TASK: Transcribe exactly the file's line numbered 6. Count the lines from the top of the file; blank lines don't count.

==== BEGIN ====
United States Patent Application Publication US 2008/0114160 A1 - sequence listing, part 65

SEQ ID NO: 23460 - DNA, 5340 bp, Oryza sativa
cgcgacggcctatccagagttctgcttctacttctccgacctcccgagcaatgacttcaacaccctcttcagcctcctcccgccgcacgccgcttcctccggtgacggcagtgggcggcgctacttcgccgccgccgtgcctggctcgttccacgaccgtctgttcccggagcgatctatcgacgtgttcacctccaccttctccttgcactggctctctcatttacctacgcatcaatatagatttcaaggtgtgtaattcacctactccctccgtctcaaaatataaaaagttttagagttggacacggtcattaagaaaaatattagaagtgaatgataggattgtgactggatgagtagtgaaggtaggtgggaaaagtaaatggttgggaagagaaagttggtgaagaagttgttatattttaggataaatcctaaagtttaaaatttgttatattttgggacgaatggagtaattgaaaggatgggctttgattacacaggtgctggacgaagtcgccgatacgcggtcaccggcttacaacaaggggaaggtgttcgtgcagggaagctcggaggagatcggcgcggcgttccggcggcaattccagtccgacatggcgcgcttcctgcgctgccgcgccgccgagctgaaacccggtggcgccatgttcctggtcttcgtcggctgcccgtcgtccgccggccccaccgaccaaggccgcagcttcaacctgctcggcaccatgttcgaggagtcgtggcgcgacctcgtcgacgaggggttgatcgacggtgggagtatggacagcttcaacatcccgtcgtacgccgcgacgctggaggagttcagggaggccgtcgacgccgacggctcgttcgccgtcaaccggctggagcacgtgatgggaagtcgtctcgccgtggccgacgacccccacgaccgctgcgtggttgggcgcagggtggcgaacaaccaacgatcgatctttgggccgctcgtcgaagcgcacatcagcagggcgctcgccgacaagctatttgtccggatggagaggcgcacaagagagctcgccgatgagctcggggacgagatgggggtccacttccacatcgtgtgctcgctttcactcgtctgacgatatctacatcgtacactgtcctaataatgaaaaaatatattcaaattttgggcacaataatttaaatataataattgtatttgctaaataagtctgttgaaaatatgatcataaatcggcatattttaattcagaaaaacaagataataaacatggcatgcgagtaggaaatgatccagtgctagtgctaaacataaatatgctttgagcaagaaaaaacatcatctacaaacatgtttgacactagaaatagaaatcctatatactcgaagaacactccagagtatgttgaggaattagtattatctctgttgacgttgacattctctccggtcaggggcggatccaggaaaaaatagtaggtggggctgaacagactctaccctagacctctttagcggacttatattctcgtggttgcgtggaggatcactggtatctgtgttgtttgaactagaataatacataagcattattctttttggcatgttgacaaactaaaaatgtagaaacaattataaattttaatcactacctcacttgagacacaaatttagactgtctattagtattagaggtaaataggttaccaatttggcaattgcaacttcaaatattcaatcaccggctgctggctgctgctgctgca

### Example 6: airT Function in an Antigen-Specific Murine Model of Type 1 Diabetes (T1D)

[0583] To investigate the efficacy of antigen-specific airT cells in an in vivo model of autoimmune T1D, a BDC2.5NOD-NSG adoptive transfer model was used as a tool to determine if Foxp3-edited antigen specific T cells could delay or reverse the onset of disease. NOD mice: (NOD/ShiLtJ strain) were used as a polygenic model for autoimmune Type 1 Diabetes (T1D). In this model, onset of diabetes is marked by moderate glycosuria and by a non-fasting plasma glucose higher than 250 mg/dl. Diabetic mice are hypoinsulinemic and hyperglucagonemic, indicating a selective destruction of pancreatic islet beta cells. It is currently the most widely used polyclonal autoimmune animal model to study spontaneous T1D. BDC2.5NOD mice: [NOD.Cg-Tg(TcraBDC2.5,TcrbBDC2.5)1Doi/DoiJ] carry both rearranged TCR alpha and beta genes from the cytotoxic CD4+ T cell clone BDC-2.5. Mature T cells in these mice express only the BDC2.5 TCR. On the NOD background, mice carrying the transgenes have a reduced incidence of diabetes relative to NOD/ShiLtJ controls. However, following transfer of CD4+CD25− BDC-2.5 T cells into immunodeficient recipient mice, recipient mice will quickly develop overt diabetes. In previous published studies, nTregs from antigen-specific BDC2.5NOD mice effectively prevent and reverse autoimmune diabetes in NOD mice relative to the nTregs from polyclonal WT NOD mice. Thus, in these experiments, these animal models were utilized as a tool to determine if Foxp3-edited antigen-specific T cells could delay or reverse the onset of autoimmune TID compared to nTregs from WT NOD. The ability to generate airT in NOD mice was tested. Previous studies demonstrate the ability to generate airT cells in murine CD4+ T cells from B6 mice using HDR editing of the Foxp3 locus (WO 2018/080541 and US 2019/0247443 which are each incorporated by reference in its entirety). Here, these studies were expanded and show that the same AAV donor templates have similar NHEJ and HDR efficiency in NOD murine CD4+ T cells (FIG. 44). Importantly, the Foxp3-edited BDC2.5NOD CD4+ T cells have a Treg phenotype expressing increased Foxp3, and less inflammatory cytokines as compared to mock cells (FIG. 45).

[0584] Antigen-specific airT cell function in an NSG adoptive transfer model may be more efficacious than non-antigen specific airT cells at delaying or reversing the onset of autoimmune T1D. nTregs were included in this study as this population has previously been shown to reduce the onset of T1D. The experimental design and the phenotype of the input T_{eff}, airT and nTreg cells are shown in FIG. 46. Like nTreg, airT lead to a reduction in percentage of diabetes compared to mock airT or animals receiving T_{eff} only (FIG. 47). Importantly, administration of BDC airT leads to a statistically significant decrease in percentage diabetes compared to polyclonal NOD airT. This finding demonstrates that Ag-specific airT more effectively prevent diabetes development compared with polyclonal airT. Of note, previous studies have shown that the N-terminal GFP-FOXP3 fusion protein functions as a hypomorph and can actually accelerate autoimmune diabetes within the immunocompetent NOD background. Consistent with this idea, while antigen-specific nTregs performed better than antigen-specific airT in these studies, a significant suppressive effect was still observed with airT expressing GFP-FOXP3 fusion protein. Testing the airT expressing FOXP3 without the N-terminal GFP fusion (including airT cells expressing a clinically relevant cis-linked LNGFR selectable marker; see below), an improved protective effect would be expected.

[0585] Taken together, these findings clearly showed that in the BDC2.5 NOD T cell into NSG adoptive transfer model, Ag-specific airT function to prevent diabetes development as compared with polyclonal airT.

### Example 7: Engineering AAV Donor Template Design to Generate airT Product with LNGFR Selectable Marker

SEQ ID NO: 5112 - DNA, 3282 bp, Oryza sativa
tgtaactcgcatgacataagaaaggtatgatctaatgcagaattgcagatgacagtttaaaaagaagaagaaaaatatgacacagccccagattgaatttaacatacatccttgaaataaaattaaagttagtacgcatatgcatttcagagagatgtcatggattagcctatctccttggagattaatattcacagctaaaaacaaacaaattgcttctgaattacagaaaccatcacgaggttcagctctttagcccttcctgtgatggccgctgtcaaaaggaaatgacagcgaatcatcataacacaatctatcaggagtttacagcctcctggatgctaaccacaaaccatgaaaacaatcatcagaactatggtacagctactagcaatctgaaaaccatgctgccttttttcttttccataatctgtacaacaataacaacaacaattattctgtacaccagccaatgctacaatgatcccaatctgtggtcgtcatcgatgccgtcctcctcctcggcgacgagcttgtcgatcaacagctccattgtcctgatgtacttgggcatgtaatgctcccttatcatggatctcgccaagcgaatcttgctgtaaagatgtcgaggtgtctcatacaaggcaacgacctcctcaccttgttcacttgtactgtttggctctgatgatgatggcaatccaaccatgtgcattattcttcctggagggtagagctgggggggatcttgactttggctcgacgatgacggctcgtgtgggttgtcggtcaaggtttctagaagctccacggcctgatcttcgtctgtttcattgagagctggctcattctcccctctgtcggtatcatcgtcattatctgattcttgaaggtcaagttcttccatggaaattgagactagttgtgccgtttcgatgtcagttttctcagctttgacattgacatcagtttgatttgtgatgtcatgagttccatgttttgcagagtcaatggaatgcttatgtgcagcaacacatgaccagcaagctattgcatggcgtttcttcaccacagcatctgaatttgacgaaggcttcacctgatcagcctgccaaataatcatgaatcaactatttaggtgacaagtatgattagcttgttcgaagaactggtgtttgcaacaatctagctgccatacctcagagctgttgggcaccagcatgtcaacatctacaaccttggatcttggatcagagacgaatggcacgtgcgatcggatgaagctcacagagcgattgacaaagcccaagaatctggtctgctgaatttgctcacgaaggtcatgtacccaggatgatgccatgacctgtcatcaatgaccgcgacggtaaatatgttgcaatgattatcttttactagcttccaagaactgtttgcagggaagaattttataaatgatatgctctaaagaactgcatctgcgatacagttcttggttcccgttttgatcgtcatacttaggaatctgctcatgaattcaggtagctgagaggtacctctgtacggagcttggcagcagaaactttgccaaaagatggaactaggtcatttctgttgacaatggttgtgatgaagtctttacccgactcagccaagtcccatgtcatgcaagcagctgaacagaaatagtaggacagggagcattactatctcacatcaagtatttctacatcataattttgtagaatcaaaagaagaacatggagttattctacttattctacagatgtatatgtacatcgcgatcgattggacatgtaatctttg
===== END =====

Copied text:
[0584] Antigen-specific airT cell function in an NSG adoptive transfer model may be more efficacious than non-antigen specific airT cells at delaying or reversing the onset of autoimmune T1D. nTregs were included in this study as this population has previously been shown to reduce the onset of T1D. The experimental design and the phenotype of the input T_{eff}, airT and nTreg cells are shown in FIG. 46. Like nTreg, airT lead to a reduction in percentage of diabetes compared to mock airT or animals receiving T_{eff} only (FIG. 47). Importantly, administration of BDC airT leads to a statistically significant decrease in percentage diabetes compared to polyclonal NOD airT. This finding demonstrates that Ag-specific airT more effectively prevent diabetes development compared with polyclonal airT. Of note, previous studies have shown that the N-terminal GFP-FOXP3 fusion protein functions as a hypomorph and can actually accelerate autoimmune diabetes within the immunocompetent NOD background. Consistent with this idea, while antigen-specific nTregs performed better than antigen-specific airT in these studies, a significant suppressive effect was still observed with airT expressing GFP-FOXP3 fusion protein. Testing the airT expressing FOXP3 without the N-terminal GFP fusion (including airT cells expressing a clinically relevant cis-linked LNGFR selectable marker; see below), an improved protective effect would be expected.